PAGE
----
Contractor perspective on factors for evaluating installation options for small-diameter utilities

Neil J A Woodroffe, Samuel Ariaratnam

Research output: Contribution to journalArticle

4 Scopus citations

Abstract

Buried municipal infrastructure is rapidly expanding due to increased urbanization. Subsequently, engineers and contractors are faced with having to designate the most effective method of installing new buried infrastructure while being mindful of cost considerations. In order to determine the most feasible underground construction method, various risks and cost factors must be assessed and analyzed. A comprehensive survey was conducted to solicit input from 28 contractors in various geographical regions throughout the United States and Canada. The intent was to determine specific risk factors and their inherent impacts, as well as to better understand cost comparison between horizontal directional drilling and traditional open-cut construction methods. This paper is relevant to practitioners and researchers because it identifies and describes risks and cost factors from a contractor perspective that can be used for evaluating installation options for small diameter pipelines in an urban environment.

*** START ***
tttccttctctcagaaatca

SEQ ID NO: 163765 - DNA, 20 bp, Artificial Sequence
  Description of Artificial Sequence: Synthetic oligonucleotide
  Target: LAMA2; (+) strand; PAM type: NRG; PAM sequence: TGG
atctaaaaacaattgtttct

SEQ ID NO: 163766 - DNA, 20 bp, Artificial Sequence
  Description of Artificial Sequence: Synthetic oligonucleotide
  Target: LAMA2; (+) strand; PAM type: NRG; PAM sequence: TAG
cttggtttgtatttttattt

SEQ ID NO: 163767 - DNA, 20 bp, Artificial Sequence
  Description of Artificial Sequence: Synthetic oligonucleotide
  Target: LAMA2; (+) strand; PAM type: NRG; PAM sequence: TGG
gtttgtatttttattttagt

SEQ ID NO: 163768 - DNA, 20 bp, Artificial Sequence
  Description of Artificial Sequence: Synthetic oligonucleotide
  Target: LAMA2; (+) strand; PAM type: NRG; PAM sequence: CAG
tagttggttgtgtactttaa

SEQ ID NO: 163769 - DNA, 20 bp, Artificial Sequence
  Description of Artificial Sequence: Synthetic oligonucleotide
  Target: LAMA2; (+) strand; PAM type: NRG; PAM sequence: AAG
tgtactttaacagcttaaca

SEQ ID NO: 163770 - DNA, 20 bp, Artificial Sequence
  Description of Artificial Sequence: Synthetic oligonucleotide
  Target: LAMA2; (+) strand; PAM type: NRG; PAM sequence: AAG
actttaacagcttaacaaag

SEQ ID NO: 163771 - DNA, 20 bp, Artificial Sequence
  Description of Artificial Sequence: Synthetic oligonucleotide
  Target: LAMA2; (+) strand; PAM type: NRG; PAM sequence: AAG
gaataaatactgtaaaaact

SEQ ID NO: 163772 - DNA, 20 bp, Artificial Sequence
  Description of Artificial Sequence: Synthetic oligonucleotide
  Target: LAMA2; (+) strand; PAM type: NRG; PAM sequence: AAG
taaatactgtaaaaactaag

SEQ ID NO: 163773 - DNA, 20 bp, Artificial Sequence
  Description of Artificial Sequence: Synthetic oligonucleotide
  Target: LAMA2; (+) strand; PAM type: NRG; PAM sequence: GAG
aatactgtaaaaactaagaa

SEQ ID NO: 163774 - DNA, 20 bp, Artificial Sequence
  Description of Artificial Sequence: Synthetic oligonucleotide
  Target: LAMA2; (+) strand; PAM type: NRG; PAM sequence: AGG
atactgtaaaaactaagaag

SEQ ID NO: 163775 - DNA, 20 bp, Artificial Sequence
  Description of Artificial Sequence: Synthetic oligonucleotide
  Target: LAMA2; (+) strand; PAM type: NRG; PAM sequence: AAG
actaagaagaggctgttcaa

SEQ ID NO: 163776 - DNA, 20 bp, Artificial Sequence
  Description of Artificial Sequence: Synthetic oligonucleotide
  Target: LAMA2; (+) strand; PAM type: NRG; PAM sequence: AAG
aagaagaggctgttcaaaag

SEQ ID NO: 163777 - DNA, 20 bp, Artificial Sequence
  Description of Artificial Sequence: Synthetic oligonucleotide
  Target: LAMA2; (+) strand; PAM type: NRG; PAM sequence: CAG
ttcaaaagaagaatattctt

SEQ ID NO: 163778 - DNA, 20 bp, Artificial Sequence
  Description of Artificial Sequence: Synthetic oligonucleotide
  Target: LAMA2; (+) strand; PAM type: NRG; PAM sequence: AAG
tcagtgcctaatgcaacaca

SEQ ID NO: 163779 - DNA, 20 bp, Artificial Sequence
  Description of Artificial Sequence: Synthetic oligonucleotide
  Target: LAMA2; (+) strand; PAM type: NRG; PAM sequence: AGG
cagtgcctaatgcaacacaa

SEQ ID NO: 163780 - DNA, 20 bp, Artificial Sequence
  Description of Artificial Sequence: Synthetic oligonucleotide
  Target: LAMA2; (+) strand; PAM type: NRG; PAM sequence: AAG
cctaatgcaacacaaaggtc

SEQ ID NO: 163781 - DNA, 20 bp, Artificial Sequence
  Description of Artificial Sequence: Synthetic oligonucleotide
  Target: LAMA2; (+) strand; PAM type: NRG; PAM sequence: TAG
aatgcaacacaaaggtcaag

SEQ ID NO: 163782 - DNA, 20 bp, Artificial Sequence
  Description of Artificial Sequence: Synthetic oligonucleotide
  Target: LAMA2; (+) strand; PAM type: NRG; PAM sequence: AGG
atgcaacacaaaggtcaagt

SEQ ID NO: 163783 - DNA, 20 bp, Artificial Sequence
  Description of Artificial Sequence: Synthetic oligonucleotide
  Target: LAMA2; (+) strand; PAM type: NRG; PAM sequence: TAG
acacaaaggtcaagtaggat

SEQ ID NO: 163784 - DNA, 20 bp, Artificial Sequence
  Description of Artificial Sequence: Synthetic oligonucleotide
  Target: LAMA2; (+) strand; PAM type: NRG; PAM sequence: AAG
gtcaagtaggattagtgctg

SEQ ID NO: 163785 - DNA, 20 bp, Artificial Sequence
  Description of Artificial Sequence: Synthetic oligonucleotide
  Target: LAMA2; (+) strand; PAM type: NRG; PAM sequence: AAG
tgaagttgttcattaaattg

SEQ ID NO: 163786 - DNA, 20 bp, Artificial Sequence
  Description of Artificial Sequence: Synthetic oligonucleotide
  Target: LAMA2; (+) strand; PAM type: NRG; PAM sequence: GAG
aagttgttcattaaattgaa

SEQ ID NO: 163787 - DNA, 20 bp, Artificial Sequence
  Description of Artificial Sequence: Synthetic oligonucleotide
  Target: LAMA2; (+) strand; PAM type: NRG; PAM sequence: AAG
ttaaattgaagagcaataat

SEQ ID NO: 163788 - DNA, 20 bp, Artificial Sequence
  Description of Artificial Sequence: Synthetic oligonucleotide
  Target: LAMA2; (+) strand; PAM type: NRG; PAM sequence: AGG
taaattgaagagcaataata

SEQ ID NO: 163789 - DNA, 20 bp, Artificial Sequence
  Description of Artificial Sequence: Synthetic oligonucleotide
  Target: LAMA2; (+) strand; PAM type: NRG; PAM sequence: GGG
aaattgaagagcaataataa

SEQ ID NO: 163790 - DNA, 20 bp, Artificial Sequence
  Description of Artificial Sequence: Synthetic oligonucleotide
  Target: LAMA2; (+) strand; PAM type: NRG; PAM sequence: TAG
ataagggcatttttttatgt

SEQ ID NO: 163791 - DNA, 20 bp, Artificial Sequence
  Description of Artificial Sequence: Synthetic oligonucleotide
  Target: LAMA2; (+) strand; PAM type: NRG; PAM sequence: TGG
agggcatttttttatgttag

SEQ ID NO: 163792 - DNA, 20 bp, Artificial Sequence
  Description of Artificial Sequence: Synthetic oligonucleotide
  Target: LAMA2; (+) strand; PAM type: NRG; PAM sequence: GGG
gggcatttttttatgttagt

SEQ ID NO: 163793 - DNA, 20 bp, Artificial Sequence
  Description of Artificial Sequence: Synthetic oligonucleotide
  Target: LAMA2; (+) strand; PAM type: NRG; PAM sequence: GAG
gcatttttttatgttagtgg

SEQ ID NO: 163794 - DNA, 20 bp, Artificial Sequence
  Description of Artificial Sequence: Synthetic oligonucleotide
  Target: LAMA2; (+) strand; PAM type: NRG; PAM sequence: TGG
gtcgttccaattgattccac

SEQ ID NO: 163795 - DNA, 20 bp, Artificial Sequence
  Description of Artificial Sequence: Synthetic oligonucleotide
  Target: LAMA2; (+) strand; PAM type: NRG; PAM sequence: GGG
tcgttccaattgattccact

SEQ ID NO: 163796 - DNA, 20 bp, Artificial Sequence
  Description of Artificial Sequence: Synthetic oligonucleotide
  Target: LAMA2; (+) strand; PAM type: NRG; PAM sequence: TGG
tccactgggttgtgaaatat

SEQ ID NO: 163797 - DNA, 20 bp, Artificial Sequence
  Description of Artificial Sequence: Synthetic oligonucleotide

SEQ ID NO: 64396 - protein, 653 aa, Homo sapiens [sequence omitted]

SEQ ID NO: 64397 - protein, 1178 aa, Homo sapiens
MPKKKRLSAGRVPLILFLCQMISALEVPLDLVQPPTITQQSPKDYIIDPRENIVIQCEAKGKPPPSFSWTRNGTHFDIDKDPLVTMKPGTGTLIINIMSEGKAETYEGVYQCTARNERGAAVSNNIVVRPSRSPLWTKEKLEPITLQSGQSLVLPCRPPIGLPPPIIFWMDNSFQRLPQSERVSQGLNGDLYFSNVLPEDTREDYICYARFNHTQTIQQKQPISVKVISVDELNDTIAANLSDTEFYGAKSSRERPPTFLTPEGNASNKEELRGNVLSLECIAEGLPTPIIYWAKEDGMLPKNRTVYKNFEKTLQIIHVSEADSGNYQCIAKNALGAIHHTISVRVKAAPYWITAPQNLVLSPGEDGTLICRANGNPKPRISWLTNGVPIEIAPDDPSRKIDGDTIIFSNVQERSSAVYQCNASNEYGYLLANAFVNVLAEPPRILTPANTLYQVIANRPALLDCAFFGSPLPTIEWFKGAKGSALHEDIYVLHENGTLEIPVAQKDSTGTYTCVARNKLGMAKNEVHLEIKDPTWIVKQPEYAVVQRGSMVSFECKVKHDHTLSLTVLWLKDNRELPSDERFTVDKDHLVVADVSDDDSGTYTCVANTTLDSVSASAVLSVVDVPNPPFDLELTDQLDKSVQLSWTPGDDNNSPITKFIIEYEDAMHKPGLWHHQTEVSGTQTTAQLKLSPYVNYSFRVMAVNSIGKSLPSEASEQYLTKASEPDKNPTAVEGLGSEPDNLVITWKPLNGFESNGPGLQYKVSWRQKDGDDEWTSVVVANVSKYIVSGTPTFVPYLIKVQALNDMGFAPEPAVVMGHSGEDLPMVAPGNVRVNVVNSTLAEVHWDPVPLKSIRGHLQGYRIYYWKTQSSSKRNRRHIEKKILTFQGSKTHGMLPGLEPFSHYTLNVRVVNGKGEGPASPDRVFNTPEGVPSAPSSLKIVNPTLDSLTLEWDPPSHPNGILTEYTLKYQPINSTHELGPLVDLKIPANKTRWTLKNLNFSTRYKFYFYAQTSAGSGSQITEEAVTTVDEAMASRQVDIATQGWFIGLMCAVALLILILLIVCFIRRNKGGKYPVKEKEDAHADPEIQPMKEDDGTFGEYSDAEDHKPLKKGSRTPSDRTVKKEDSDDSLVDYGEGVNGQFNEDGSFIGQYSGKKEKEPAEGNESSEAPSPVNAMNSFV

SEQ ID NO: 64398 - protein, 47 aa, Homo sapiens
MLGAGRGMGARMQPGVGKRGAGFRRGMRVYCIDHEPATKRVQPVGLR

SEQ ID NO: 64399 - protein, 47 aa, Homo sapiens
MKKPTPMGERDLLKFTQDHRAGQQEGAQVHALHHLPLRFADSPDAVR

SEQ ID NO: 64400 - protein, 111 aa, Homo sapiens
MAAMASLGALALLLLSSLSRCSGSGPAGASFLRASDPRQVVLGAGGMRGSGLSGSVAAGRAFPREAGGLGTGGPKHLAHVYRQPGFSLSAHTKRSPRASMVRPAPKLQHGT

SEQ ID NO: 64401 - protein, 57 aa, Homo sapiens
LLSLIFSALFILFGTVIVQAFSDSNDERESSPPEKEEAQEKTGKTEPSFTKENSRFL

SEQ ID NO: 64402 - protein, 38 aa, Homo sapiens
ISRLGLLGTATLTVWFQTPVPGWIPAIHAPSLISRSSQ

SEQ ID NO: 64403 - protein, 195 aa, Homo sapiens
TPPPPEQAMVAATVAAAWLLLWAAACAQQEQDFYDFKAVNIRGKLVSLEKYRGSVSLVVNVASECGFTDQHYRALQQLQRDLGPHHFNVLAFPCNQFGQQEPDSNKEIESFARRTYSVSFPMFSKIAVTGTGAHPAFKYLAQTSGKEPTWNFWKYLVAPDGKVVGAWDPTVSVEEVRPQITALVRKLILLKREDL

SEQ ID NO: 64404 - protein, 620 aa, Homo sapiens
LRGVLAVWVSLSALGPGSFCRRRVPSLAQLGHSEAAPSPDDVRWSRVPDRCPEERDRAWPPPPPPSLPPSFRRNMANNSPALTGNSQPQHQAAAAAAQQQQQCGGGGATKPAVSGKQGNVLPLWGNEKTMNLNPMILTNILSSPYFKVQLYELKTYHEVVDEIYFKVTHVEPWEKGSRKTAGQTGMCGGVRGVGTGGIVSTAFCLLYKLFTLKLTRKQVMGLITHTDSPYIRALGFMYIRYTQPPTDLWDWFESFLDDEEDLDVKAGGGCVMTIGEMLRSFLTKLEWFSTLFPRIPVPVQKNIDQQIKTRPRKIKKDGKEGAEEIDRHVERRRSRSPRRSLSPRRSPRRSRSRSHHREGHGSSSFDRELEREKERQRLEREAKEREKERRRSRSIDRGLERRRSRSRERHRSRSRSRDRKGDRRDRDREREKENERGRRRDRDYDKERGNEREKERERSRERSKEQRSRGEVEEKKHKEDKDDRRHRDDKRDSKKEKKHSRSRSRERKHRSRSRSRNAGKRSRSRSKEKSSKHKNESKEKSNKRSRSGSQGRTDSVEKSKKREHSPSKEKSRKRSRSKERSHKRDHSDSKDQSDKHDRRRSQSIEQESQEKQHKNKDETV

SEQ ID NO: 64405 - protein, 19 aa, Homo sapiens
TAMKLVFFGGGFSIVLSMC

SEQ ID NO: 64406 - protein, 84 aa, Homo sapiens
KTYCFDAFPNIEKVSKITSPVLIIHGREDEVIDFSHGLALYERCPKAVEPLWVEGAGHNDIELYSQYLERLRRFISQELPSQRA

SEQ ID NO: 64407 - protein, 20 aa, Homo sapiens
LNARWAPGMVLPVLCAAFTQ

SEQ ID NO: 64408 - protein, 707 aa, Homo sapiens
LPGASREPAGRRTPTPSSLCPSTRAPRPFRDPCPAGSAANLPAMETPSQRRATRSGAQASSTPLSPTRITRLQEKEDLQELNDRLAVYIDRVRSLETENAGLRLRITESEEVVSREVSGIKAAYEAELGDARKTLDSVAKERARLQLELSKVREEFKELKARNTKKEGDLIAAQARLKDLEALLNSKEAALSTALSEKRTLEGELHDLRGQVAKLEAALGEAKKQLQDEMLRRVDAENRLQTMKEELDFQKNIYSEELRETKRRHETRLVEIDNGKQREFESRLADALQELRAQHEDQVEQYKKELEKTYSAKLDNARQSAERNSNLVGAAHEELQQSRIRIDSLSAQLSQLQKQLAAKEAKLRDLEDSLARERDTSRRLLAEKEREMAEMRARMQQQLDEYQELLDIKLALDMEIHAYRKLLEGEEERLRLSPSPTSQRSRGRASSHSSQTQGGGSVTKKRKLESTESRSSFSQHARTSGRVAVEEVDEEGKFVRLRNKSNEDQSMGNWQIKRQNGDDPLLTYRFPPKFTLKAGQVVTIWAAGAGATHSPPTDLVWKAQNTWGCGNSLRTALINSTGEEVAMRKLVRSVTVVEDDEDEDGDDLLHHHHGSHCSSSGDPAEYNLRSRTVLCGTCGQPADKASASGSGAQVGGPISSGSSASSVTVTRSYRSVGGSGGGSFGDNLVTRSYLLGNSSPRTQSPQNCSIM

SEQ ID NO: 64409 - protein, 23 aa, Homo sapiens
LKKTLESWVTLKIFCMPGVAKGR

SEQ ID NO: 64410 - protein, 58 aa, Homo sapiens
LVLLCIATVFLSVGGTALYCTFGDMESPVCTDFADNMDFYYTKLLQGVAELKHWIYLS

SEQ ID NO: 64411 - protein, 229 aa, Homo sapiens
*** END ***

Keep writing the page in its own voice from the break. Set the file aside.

Original languageEnglish (US)
Pages (from-to)75-87
Number of pages13
JournalJournal of Construction Engineering and Management
Volume135
Issue number2
DOIs
StatePublished - Jan 27 2009

Keywords

  • Contractors
  • Drilling
  • Infrastructure
  • Pipelines
  • Underground structures

ASJC Scopus subject areas

  • Civil and Structural Engineering
  • Building and Construction
  • Industrial relations
  • Strategy and Management

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